Here it is, my final and favourite character to introduce to you. Martin is my Casanova, my Mr. Romeo of a certain age. He knows a lot, yet he’s still got a lot left to learn.
I hope you enjoy Martin as much as I enjoyed writing him!
Martin fidgeted with his coffee cup before setting it down on the tabletop. “I need a little help.” He withdrew a folded piece of paper and his reading glasses from the breast pocket of his sports coat. After putting the glasses on, Martin unfolded the paper. There were several points he needed to discuss, and he didn’t want to miss anything important. “It’s the Internet.”
“The Internet?” asked Chad.
“I need to know how to do a few things.” Martin looked down, referencing his list. “Like open this Facebook thing. And ‘surfing’ sounds like something I should know how to do. Do you know what the Wikipedia is?”
“I do. But I thought there were introductory computer classes being offered at the Eldernest. Remember? We saw a poster about it on the bulletin board. Facebook, email…”
“Right, right. It’s just I can’t go.” Martin shifted in his seat and lowered his voice. “Clara’s the instructor.”
“Perfect. You like Clara, you’ve said so yourself.”
“I can’t show up knowing nothing. She’ll figure it out in a jiffy.” Martin rubbed his swollen knuckles and tried not to make eye contact with his nephew. Back in his day a man would never have admitted to not knowing how to use machines. Unless it was the clothes dryer. Or maybe the kitchen mixer. And that had been a point of pride! Truth was, all these computerized gadgets made him feel vulnerable. He could feel his shoulders rounding, his chest caving in. He wasn’t ready to be obsolete.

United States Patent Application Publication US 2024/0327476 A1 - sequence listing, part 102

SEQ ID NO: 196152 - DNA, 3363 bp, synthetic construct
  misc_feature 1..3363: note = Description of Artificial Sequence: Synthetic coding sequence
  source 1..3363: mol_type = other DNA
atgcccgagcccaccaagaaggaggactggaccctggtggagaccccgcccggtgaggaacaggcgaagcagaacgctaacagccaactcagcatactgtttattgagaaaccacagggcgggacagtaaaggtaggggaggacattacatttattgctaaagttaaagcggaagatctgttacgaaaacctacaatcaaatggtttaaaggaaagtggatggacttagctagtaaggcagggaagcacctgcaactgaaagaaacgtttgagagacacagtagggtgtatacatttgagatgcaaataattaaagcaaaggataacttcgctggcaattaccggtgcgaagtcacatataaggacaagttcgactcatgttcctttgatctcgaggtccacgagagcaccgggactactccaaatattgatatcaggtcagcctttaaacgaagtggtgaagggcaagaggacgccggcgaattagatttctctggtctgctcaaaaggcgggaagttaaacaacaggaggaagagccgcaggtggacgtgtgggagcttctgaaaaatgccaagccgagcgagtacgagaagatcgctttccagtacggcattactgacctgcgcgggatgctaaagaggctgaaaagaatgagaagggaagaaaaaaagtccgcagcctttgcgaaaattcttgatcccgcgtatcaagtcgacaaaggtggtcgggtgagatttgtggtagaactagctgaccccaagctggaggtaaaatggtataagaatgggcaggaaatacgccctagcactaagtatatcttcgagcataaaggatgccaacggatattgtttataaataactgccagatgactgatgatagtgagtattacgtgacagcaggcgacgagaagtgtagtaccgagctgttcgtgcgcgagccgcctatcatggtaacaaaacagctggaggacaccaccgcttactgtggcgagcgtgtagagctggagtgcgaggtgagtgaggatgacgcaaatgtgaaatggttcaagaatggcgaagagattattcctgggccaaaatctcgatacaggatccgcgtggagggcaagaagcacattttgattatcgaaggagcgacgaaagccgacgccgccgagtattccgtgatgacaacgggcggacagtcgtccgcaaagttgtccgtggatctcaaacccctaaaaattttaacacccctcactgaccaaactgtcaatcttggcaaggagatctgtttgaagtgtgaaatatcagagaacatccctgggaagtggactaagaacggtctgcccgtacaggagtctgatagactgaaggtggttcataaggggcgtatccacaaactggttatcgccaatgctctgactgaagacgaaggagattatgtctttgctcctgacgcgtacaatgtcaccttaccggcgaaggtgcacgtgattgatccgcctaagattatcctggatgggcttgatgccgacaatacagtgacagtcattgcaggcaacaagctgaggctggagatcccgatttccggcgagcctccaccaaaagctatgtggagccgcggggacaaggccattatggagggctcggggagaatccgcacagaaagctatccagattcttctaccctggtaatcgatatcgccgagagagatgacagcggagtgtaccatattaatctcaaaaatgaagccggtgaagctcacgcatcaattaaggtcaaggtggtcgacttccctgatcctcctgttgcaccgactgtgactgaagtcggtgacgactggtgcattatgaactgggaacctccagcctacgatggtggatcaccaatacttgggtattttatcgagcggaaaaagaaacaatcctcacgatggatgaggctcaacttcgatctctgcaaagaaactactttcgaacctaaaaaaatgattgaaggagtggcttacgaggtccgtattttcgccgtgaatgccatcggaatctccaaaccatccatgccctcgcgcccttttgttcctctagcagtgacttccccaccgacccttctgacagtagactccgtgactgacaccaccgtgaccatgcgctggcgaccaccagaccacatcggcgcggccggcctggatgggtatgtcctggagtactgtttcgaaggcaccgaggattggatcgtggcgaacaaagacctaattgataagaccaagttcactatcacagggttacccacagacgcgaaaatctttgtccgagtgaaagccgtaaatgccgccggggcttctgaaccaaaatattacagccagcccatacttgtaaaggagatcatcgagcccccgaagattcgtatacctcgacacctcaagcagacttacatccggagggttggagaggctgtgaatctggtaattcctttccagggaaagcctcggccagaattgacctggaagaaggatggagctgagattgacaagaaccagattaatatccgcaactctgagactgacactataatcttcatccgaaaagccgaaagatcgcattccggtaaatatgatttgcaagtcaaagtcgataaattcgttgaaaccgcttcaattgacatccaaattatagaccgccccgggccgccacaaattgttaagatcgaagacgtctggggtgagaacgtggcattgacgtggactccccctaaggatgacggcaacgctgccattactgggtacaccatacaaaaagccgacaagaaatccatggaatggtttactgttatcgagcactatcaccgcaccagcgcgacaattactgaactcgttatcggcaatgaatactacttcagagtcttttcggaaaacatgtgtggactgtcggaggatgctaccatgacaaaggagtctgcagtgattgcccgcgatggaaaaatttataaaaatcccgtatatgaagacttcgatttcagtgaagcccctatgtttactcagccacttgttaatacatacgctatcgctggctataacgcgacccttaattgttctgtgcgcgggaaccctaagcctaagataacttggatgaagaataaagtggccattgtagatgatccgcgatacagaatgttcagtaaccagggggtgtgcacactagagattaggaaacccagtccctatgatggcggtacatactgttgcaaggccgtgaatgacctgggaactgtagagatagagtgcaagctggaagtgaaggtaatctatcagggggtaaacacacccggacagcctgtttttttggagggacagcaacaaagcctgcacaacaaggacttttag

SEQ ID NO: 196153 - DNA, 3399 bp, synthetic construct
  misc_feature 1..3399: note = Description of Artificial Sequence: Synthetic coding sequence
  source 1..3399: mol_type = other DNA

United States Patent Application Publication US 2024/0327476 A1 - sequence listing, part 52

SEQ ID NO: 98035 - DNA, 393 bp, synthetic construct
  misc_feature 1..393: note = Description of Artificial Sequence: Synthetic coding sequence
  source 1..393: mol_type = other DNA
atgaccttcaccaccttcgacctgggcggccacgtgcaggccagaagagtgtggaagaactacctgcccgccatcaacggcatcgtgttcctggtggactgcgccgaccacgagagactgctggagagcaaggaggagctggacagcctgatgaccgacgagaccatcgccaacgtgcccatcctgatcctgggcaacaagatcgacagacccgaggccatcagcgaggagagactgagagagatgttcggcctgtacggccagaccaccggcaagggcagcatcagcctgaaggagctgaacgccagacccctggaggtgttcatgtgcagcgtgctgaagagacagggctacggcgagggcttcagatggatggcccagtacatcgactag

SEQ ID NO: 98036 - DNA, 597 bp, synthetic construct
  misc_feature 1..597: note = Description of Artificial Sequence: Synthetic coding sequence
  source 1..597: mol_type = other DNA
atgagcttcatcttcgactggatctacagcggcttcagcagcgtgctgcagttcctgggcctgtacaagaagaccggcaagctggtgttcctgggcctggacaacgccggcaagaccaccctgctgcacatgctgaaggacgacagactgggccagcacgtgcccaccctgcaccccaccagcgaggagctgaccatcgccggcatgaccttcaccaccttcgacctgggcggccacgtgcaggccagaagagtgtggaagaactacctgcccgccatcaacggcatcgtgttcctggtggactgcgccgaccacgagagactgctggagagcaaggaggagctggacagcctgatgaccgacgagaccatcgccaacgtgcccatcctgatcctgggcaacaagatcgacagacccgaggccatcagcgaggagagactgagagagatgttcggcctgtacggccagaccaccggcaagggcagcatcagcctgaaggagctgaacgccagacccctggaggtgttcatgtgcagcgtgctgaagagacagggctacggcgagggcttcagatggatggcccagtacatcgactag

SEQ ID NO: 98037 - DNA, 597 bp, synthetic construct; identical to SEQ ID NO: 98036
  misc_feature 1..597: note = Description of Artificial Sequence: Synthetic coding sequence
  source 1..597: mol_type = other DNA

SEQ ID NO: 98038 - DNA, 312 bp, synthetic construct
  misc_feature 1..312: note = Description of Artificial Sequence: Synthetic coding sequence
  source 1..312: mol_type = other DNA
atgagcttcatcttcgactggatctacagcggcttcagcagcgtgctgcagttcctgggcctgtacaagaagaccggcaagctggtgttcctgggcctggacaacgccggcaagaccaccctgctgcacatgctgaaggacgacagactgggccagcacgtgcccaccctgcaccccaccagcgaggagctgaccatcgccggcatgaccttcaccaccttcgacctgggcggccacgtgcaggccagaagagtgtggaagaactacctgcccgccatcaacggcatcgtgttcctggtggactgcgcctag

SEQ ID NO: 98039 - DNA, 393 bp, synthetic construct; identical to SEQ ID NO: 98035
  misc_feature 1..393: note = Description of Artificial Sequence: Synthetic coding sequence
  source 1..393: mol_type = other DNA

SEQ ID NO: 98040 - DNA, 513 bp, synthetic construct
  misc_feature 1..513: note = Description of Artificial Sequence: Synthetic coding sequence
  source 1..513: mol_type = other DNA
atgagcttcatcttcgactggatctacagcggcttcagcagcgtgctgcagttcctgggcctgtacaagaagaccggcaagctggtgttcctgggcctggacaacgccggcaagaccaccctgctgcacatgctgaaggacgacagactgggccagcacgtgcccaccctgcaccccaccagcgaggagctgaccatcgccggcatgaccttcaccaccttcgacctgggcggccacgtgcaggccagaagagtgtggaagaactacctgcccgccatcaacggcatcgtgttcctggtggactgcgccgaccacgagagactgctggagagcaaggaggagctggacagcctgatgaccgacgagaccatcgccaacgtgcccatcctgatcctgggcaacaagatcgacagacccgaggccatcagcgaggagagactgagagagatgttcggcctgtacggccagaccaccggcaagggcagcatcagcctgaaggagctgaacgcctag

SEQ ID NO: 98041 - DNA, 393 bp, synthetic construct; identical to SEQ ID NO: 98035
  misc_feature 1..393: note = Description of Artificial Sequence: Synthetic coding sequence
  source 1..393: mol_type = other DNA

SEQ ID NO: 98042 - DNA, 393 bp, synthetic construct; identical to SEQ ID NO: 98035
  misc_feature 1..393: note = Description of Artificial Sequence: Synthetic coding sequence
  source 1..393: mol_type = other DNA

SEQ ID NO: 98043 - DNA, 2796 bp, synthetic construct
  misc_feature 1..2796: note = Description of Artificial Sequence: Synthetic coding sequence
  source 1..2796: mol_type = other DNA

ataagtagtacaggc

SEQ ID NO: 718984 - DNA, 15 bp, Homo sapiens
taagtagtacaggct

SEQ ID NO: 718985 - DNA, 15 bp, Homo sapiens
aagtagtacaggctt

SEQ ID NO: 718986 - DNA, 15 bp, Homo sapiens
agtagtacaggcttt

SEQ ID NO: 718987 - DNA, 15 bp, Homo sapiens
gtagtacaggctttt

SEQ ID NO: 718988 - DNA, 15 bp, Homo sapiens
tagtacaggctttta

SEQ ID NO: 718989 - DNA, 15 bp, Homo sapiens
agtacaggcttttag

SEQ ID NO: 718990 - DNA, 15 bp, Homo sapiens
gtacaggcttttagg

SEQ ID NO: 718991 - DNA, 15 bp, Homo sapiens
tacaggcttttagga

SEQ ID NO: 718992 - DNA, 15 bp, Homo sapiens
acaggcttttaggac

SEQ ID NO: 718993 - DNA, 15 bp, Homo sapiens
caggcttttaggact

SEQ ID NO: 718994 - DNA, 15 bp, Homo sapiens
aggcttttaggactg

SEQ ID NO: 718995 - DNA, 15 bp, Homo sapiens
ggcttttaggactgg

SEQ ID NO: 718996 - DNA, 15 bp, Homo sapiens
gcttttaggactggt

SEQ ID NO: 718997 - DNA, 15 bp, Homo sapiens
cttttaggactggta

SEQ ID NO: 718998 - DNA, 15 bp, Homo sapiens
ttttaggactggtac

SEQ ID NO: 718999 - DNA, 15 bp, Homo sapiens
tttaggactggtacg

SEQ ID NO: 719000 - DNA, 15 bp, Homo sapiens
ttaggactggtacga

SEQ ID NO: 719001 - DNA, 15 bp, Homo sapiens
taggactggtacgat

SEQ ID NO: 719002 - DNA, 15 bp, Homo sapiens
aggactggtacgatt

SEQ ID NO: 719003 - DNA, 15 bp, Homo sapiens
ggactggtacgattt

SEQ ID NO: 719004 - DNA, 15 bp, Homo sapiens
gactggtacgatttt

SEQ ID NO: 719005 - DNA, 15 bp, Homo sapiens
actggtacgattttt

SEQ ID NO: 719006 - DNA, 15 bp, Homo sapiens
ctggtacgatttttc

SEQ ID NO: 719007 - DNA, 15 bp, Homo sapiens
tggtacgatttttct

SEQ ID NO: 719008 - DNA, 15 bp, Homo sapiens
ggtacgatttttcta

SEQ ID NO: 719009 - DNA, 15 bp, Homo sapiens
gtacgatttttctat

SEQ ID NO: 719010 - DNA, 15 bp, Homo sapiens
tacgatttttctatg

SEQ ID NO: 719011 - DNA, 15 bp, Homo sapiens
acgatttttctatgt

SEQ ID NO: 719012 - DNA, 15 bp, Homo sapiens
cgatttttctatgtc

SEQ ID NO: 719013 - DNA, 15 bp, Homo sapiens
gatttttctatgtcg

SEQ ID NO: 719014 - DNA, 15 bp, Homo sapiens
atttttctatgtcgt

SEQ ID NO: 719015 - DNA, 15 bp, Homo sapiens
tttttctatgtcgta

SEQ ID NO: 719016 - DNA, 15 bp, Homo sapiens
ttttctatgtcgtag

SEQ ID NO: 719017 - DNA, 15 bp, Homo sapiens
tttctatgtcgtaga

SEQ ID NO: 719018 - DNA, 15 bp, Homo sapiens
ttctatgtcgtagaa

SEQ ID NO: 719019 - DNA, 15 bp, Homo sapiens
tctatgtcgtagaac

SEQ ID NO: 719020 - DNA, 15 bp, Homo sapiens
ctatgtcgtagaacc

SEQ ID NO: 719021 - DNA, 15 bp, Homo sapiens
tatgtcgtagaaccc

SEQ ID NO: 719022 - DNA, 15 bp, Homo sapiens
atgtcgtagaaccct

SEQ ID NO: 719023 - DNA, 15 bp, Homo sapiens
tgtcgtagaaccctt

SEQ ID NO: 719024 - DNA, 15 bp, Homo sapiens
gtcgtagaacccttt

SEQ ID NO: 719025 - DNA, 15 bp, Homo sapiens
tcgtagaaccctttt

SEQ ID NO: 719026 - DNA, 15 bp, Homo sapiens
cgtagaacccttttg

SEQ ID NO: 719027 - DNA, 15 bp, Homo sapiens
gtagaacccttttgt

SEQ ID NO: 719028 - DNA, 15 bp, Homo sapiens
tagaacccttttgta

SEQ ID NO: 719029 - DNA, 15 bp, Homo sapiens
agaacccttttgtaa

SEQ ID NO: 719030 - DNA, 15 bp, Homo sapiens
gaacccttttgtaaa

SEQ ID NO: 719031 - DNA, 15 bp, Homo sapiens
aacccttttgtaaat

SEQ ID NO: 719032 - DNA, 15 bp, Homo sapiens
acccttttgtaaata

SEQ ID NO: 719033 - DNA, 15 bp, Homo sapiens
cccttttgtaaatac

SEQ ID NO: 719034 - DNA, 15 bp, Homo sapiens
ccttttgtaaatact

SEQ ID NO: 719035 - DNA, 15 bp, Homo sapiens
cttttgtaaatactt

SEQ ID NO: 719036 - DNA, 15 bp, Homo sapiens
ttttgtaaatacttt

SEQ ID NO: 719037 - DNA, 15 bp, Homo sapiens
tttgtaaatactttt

“Damnit Chad, it makes me feel weak.”
Chad blinked, his eyes round as saucers. “I just. Well. I don’t think of you that way. You just seem so…well, confident all the time.” He took a sip of his coffee before continuing. “Why don’t you be open with Clara? She seems like a nice enough lady. Tell her you’re feeling vulnerable and explain what you’d like to learn about the internet. Who knows, maybe it will be fun having a woman show you the ropes for a change.”
“Tell her?” A bark of laughter escaped Martin.
Please meet Lila; I only wish I could sit down and enjoy a tea with her in real life. I’m not alone. Our main character, Chad, has quite the crush on this single parent / college student / Eldernest Housekeeper and Cafeteria Assistant and readers will see him spending quite a bit of time trying to cross paths with her in Flying the Nest.
When I wrote Flying the Nest, I had no idea what people in Lila’s position would be dealing with amidst the Coronavirus pandemic of 2020. Their work was not easy before the pandemic; it’s even more difficult now.
Here is a sneak peak to a more innocent time. I hope you enjoy Lila as much as I do!
“You don’t blink a lot,” said Lila.
“Er,” I’d never been told that before and my mind scrambled for an answer. “I do that. You know. Forget to blink. When I hear something interesting.”
I was officially shit at small talk. I nodded, making sure to blink. “Right. Nice to meet you.”
I had at least tried talking to her. I reached into my pocket and pulled my own phone out. Now seemed a great time to check my emails. My Facebook. My non-existent follower list on Twitter.
“The body’s like that,” she continued, “works in very creepy, random ways.”
Was that a lifeline? I was not about to turn down dumb luck. “Totally.” My voice rose as though I were asking a question rather than making a statement.
Lila shrugged. “That’s what I love about embalming.”
I put my phone back in my pocket. “Pardon?”